I am really into autumn greens this year, and despite the surfeit of kale and collards in my fridge at the moment, I volunteered to test a recipe in a Food52 recipe contest for Your Most Impressive Dinner Party Side featuring broccoli rabe. In the process of shopping for ingredients I learned a few things about broccoli, broccolini, and broccoli rabe. I thought I’d share, since I can’t really post my thoughts on the recipe until after I send them off to the Food52 editors.
As I’ve already established, Central Market is my favorite grocery store on the planet. I love shopping there and discovering new things, and to be honest I tend to ignore the whole broccoli/cauliflower/cabbage part of the produce section. Largely this is because they aren’t my favorite vegetables, and I find myself stonewalling when faced with the whole procedure of chopping a large head down to useable pieces.
Today I went looking for broccoli rabe and found myself totally confused, looking at the leafy greens that I thought were broccoli rabe which were displayed under a sign for organic sweet baby broccoli. Then I went to verify the ingredients on the recipe’s site, and that photo added to my confusion, since it seems to be baby broccoli, not broccoli rabe!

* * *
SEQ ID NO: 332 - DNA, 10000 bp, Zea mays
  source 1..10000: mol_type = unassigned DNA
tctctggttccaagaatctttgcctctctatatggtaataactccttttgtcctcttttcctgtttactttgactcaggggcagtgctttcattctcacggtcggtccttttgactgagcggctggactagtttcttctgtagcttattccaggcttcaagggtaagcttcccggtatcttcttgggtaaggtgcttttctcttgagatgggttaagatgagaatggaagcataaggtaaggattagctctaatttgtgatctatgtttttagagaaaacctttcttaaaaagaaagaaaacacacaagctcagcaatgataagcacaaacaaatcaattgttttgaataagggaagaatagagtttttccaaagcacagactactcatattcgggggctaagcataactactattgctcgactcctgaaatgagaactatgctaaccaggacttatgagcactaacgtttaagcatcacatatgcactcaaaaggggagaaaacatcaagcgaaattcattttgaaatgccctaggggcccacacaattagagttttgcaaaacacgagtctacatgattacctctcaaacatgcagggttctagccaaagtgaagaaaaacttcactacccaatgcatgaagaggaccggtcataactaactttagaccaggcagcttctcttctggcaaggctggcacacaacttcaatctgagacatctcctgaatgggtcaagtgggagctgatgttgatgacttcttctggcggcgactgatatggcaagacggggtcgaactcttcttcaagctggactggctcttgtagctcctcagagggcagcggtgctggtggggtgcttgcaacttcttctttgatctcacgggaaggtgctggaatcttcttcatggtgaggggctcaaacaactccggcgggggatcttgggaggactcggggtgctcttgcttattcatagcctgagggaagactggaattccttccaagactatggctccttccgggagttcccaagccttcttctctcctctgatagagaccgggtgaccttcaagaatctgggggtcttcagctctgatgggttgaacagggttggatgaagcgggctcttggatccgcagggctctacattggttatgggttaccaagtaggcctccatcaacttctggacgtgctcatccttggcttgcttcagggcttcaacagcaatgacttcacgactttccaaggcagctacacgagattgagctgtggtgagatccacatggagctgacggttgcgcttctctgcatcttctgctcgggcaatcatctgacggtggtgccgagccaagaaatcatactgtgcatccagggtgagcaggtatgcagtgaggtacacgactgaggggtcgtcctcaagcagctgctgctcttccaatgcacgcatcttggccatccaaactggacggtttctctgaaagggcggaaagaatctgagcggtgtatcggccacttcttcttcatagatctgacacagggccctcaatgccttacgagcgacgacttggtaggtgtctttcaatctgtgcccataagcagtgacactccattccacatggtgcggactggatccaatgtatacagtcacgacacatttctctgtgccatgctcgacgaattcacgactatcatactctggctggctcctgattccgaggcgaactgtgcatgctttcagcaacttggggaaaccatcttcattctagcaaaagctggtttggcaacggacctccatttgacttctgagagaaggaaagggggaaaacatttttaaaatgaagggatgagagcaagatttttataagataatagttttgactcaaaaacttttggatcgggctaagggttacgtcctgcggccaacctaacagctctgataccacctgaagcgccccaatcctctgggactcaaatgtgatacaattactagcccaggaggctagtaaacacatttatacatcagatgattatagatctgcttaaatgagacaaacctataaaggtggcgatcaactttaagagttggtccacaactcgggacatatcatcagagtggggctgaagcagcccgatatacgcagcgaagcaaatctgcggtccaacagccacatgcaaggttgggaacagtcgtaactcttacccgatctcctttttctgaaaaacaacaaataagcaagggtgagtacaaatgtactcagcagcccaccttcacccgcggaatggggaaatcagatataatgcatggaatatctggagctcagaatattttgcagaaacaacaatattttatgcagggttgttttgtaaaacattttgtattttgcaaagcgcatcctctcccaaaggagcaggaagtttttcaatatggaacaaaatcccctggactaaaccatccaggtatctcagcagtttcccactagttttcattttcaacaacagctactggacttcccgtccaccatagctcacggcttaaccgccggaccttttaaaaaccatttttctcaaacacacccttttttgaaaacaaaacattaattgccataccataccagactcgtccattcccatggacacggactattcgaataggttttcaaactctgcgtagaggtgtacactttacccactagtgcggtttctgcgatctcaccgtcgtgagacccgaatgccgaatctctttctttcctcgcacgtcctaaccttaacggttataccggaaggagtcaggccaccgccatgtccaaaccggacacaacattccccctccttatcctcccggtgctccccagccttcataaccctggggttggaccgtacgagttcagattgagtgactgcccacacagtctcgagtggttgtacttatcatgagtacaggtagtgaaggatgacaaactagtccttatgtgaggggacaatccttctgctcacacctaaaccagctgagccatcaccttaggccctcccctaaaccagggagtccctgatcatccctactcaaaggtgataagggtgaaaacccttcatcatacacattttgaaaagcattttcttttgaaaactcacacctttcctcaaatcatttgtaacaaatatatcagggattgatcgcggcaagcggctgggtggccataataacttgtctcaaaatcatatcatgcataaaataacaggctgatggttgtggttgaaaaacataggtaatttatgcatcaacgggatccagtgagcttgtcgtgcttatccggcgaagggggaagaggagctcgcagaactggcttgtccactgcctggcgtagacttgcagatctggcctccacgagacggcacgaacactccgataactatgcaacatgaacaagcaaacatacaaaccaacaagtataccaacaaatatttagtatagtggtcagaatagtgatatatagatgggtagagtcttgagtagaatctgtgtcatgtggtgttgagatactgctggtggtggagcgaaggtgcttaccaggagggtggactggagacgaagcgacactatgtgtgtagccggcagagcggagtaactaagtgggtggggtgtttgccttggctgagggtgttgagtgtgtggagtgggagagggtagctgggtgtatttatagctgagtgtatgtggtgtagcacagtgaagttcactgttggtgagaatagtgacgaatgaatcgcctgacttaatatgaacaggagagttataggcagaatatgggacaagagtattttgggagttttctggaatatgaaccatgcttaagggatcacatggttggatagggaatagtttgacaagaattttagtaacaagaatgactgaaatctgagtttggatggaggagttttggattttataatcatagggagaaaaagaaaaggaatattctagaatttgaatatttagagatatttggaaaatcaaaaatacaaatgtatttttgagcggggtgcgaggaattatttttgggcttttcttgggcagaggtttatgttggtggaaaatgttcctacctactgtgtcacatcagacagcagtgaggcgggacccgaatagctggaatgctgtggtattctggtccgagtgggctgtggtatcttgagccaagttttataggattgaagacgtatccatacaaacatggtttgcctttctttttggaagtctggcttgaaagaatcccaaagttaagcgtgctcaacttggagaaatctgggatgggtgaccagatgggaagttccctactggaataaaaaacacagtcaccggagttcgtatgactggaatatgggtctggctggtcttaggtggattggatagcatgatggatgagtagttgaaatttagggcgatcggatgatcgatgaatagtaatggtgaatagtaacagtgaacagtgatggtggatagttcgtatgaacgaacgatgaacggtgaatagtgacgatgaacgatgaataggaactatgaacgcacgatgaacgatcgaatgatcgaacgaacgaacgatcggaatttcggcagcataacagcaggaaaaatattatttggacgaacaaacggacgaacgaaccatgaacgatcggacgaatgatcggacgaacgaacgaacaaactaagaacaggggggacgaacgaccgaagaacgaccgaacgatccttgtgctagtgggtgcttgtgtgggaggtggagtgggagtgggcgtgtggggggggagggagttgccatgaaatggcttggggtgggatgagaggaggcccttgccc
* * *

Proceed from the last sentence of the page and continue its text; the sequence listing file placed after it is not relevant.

I did a quick spot of research and learned the following:
- Broccoli rabe is part of the same genus as broccoli, but it’s more closely related to the turnip family
- Baby broccoli, also known by the trademarked name broccolini, is not young broccoli, but is a cross between broccoli and Chinese kale
- The “sweet baby broccoli” sign above refers to a different hybrid of baby broccoli, so it’s just another version of broccolini, but it’s definitely not young broccoli
I went ahead and made the recipe as written, using broccoli rabe rather than the baby broccoli pictured in the photo. I’ve had broccoli rabe at restaurants before, but this was my first time making it at home. I learned a few things, might not repeat some of them, and ended up with an overall pleasing dish.
If you’re looking to try broccoli rabe, look for the leaves and not the little florets. Notably, broccoli rabe doesn’t give off the cabbage-y aroma that so many cruciferous vegetables have. It’s fairly mild, slightly bitter, and not as toothsome as collards or kale can be. I recommend removing the tough stems as they are quite stringy, but using the soft stems along with the leaves. All the reputable recipes I’ve found have recommended blanching the broccoli rabe before sauteeing. I would substitute it in any favorite autumn greens dish.
Do you have a well-loved preparation that might be amazing with broccoli rabe?